Birth of Moses
Innocents were slaughtered in the myths of Sargon, Nimrod, Moses, Jason, Krishna and Mordred as well as in that of Jesus.” Children are slain or menaced also in the stories of Oedipus, Perseus, Romulus and Remus, and Zeus, some of whose myths include being shut in chests and tossed into a body of water.
Bacchus "was picked up in a box, that floated on the water," and so was Moses.
Bacchus had two mothers, one by nature, and one by adoption, and so had Moses
Typical Slaughter of Innocents in Myths
22 Then Pharaoh gave this order to all his people: “Every Hebrew boy that is born you must throw into the Nile, but let every girl live.” Exodus 1:22
To thwart his overthrow, the pharaoh orders the deaths of all male Hebrew children by drowning in the Nile. It is because of this decree that Moses’s mother puts her baby into the river.
However, the slaughter of innocent children or infants is yet another motif found in a number of mythologies, whereby the reigning monarch tries to prevent from being fulfilled a prophecy that a new king will be born who will depose him. As scholar Walker says, “Innocents were slaughtered in the myths of Sargon, Nimrod, Moses, Jason, Krishna and Mordred as well as in that of Jesus.” Also in the stories of Oedipus, Perseus, Romulus and Remus, and Zeus, children are slain or menaced -- some of whose myths include being shut in chests and tossed into a body of water.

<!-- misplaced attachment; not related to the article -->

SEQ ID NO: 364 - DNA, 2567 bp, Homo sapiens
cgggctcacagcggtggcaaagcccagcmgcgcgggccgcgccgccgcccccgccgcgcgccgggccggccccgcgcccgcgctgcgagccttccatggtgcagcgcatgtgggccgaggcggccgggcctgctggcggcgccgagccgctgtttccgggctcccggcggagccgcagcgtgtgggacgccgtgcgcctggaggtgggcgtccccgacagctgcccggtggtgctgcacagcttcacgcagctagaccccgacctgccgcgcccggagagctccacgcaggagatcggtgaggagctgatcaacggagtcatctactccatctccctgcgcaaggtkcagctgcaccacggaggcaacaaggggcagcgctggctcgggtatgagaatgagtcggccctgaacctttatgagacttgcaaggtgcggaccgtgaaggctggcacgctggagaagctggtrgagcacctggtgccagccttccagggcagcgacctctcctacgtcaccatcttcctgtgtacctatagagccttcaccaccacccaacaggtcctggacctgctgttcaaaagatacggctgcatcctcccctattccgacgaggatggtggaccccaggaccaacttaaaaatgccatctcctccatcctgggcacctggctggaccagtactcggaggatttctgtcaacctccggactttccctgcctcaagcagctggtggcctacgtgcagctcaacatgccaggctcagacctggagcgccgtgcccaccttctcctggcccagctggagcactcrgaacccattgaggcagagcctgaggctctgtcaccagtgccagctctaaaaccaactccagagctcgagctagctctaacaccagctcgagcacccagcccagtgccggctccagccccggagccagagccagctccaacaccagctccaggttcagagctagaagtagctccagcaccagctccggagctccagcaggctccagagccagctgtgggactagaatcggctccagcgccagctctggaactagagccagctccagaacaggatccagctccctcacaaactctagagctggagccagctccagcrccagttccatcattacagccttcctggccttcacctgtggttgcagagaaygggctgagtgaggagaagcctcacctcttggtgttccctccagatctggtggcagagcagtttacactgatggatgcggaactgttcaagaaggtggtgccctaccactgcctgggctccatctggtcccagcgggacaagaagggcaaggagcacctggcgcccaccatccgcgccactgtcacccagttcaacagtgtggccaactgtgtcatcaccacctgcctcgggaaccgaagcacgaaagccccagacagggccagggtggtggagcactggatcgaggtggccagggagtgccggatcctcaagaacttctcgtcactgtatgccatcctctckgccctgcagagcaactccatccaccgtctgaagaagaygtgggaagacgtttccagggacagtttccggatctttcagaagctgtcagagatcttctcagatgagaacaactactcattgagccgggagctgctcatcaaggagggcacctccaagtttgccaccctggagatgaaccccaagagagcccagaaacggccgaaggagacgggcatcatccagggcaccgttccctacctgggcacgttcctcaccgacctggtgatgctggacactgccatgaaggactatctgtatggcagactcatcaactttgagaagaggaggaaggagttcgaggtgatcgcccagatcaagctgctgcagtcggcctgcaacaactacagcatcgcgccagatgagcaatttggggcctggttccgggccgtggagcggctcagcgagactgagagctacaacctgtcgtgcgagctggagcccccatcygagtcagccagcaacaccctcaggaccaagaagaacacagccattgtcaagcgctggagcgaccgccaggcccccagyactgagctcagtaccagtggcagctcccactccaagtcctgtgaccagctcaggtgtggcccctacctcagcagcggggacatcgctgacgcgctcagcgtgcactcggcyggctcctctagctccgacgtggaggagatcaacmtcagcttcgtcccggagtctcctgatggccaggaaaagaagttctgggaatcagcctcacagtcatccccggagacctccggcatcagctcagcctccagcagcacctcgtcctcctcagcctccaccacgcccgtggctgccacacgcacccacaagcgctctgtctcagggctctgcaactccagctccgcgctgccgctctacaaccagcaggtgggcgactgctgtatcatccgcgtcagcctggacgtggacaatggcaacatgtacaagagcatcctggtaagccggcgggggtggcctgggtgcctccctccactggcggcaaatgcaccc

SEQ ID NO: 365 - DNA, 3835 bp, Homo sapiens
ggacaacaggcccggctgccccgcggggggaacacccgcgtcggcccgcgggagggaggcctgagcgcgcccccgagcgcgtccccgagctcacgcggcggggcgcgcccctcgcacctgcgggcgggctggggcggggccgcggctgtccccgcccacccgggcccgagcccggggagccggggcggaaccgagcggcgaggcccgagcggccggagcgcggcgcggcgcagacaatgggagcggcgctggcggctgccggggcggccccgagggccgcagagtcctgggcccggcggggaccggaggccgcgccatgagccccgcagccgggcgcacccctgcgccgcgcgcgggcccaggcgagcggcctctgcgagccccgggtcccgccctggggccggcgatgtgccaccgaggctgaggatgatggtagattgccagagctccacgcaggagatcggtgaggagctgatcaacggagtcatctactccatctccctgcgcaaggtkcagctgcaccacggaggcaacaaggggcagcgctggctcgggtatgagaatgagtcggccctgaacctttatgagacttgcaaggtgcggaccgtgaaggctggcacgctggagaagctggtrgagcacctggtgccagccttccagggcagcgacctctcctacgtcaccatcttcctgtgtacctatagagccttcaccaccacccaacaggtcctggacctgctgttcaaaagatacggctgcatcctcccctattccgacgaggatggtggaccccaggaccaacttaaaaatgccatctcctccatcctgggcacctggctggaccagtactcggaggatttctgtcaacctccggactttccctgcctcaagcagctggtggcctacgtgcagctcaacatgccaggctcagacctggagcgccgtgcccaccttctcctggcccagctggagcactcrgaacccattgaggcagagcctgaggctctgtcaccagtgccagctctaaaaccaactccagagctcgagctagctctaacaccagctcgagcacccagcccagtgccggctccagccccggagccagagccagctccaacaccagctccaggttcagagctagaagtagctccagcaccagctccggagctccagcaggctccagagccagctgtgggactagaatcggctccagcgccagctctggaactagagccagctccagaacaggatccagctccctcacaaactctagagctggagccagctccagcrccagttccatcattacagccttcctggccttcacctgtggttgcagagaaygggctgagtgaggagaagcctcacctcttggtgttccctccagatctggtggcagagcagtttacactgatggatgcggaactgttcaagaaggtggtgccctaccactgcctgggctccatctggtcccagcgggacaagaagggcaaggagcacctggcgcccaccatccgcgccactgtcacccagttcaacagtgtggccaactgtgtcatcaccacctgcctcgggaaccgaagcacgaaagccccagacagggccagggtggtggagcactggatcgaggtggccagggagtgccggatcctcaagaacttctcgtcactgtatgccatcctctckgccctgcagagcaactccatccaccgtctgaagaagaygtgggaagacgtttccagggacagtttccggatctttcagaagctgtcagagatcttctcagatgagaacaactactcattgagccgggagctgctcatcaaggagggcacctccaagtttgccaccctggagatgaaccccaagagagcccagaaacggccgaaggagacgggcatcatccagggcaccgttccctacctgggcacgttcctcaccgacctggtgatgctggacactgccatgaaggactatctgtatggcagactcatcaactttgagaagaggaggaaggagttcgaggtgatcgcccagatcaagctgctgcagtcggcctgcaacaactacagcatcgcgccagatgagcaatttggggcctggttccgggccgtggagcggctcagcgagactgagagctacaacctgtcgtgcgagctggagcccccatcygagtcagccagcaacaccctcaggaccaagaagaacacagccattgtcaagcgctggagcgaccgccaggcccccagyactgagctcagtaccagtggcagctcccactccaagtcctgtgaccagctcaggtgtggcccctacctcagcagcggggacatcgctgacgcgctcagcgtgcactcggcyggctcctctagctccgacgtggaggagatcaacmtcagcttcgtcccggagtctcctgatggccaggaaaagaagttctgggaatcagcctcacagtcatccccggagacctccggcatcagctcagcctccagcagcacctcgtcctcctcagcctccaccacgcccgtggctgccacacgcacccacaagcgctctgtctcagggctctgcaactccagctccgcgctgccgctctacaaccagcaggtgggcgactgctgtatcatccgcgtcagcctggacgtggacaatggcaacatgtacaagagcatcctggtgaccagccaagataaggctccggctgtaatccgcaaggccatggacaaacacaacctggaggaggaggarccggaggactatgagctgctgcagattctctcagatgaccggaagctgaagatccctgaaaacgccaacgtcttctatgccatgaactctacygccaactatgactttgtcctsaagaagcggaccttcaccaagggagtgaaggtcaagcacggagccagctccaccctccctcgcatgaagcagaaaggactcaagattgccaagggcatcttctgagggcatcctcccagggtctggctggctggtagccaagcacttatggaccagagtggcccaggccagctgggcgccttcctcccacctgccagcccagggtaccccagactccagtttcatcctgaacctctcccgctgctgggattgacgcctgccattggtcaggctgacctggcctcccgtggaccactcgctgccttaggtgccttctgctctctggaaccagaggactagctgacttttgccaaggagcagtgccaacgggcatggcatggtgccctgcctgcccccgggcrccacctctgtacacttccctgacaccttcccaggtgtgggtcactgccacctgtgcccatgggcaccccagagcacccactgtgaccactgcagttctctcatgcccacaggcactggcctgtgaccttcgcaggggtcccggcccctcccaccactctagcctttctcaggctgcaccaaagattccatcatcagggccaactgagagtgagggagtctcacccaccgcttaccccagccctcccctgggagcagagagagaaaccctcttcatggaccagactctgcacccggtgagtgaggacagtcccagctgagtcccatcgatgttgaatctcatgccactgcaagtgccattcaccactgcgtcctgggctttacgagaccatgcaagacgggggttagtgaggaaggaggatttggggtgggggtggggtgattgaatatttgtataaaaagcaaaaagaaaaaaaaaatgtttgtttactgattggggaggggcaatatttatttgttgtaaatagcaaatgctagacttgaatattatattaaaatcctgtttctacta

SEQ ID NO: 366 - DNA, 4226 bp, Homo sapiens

It is surmised that this motif of infanticide has to do with the battle between day and night found in a number of myths, including the Egyptian story of Osiris, Seth and Horus. In this astro-theological interpretation, the “infants” are the stars blotted out by the serpent of night or “prince of darkness,” in an attempt to destroy the shining star sun as one of the infants. This latter perception of the solar orb as a star representing an astronomical insight that proves to be correct.
In Sumerian mythology, the stars were considered to be soldiers created by the heavenly god and great judge Anu to “destroy the wicked.” Hence, one can comprehend why the “prince of darkness” would wish to be rid of them. Here we also see that the idea of the high god as the creator of the stars and other celestial bodies does not originate with the biblical Yahweh. Associated with his son, Enlil, and the god Enki/Ea, Anu is part of a trinity, millennia prior to the biblical God the father, son and holy ghost.